Cisco View Running Config at Custom Privilege Level
On a Cisco router or switch in order to view the configuration by default you must have privilege level 15 access which allows full access to modify configuration of the device also. This is not a problem for an admin account but becomes a problem if you need a user to view the running config but not modify any of the configuration. Think of a user account for a help desk or desktop support user, or an auditor, they should not be able to modify configuration but could need access to the running configuration from time to time. In this post I will show you how to get around this and still allow a user account to view the running config but not make any configuration changes.
In this post I will assume the following of the environment.
- You have a user account with a privilege level other than 15 to the device you can login with.
- This can be hard coded if needed or provided through Radius or Tacacs.
- In this post I use privilege level 4, if your level is different modify the commands appropriately.
- An admin account on the system with privilege level 15 so you can enter the commands.
Configure Privilege Level File Access
The first thing you need to do is allow your targeted privilege level access to the file system of the device. You will need to do this with your account that has privilege level 15
cisco-device(config)#file privilege 4
Configure Privilege Access to More
The more command can be used to list the contents of a file on a Cisco device. We will need access to this command so we can list out the running configuration file from the file system. You will need to do this with your account that has privilege level 15
cisco-device(config)#privilege exec level 4 more
Now you will need to login to the device with your account that has the appropriate privilege level. You can validate the privilege level by the command below.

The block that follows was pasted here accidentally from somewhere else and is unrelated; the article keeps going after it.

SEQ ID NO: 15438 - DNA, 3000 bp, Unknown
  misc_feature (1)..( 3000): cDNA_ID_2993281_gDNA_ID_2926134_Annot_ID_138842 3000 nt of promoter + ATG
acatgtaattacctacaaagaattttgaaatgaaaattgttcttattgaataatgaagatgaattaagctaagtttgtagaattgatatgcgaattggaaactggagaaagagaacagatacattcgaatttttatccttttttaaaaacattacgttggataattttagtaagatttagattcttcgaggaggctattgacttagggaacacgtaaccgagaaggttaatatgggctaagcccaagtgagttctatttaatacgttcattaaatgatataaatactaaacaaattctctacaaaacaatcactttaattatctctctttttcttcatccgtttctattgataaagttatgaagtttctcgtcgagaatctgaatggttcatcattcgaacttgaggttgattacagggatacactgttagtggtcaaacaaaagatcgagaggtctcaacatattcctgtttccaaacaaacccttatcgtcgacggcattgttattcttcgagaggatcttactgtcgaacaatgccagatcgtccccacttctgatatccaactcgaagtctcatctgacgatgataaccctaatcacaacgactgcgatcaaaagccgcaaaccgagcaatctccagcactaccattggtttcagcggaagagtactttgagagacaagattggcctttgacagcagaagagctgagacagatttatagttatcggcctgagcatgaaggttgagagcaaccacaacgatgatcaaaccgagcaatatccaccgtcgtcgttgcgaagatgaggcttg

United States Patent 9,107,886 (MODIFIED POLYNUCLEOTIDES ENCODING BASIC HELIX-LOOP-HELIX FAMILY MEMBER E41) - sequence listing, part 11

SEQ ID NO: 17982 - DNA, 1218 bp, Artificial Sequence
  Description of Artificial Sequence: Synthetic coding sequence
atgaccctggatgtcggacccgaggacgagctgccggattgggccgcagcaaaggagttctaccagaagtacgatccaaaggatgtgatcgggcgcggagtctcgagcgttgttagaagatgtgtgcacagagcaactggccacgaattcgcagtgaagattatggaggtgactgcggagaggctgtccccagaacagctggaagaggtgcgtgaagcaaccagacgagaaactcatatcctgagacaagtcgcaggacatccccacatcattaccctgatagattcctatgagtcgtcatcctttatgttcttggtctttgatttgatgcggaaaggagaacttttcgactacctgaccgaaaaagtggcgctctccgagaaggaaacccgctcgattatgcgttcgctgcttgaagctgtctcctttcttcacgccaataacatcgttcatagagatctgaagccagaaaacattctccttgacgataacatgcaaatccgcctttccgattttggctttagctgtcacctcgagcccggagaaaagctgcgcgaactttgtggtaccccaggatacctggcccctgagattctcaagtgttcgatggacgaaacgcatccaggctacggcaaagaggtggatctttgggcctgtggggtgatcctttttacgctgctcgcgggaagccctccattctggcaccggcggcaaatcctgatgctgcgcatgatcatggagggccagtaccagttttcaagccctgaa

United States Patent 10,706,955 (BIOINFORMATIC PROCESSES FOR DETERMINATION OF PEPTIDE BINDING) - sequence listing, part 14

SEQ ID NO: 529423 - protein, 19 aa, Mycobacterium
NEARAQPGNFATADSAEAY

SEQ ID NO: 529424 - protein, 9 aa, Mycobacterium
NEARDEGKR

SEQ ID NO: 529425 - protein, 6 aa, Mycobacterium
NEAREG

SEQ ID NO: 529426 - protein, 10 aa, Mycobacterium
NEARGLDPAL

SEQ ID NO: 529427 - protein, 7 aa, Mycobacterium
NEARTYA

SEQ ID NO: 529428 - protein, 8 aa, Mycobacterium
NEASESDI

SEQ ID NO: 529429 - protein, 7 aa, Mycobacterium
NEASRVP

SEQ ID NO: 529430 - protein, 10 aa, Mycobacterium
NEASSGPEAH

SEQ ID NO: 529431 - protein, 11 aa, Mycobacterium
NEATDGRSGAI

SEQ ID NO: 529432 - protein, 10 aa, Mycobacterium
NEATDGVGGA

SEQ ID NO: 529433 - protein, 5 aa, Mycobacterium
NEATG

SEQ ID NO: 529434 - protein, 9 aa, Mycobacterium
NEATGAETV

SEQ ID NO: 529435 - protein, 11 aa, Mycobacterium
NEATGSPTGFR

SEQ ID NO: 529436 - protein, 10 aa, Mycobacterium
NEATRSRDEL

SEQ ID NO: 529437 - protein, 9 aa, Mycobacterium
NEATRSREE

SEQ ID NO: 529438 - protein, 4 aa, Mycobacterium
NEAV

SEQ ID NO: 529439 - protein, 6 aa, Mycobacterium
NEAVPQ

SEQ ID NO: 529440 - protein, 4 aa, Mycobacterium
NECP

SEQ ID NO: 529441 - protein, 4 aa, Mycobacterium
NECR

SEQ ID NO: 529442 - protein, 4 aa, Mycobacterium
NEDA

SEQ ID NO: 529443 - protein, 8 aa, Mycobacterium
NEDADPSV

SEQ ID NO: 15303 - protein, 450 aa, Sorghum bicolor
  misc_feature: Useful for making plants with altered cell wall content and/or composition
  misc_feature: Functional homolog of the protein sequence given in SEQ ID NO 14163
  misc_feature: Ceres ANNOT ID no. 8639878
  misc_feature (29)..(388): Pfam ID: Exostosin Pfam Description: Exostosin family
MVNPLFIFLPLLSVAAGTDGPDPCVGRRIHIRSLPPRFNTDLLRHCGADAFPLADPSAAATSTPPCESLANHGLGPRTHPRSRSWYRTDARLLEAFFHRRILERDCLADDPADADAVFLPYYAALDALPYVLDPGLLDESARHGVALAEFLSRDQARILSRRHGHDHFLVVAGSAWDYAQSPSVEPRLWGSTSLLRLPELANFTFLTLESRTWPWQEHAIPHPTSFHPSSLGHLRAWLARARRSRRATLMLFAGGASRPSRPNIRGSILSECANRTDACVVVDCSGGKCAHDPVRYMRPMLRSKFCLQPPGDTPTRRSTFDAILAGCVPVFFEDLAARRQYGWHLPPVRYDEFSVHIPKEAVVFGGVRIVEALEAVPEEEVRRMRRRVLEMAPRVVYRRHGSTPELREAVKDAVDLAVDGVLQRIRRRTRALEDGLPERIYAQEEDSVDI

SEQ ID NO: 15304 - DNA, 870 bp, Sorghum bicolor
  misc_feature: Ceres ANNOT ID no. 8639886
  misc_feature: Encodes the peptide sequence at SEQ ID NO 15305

cisco-device#show privilege Current privilege level is 4 cisco-device#
And now issue the more command to list out the running configuration.
cisco-device#more system:running-config ! ! Last configuration change at 08:57:50 CST Tue Oct 18 2022 by adminuser ! NVRAM config last updated at 15:36:03 CST Fri Sep 30 2022 by adminuser ! version 15.2 no service pad service tcp-keepalives-in service tcp-keepalives-out ~ OUTPUT TRUNCATED ~ cisco-device#
And as you can see your user can see the full contents of the running configuration.
Answering the Glaring Question
You are probably asking yourself "Why can't I just provide access to the
show running-config command?". And while I wish this worked, the reason it does not is because the
show running-config command is special in the fact that even the user will see the command and be able to issue it without error, becuase they dont have access to the commands that are inside of the running configuration, it will not display them in the output. This means you will at best get a partial output, or get no output at all.
To remove the privilege access to the file system and more command issue the following commands
cisco-device(config)#no file privilege 4 cisco-device(config)#privilege exec reset more cisco-device(config)#
And you can validate by listing the running config and including the privilege keyword
cisco-device#show running-config | include privilege cisco-device#
And that is all there is to it. If you have any additional questions let me know in the comments below!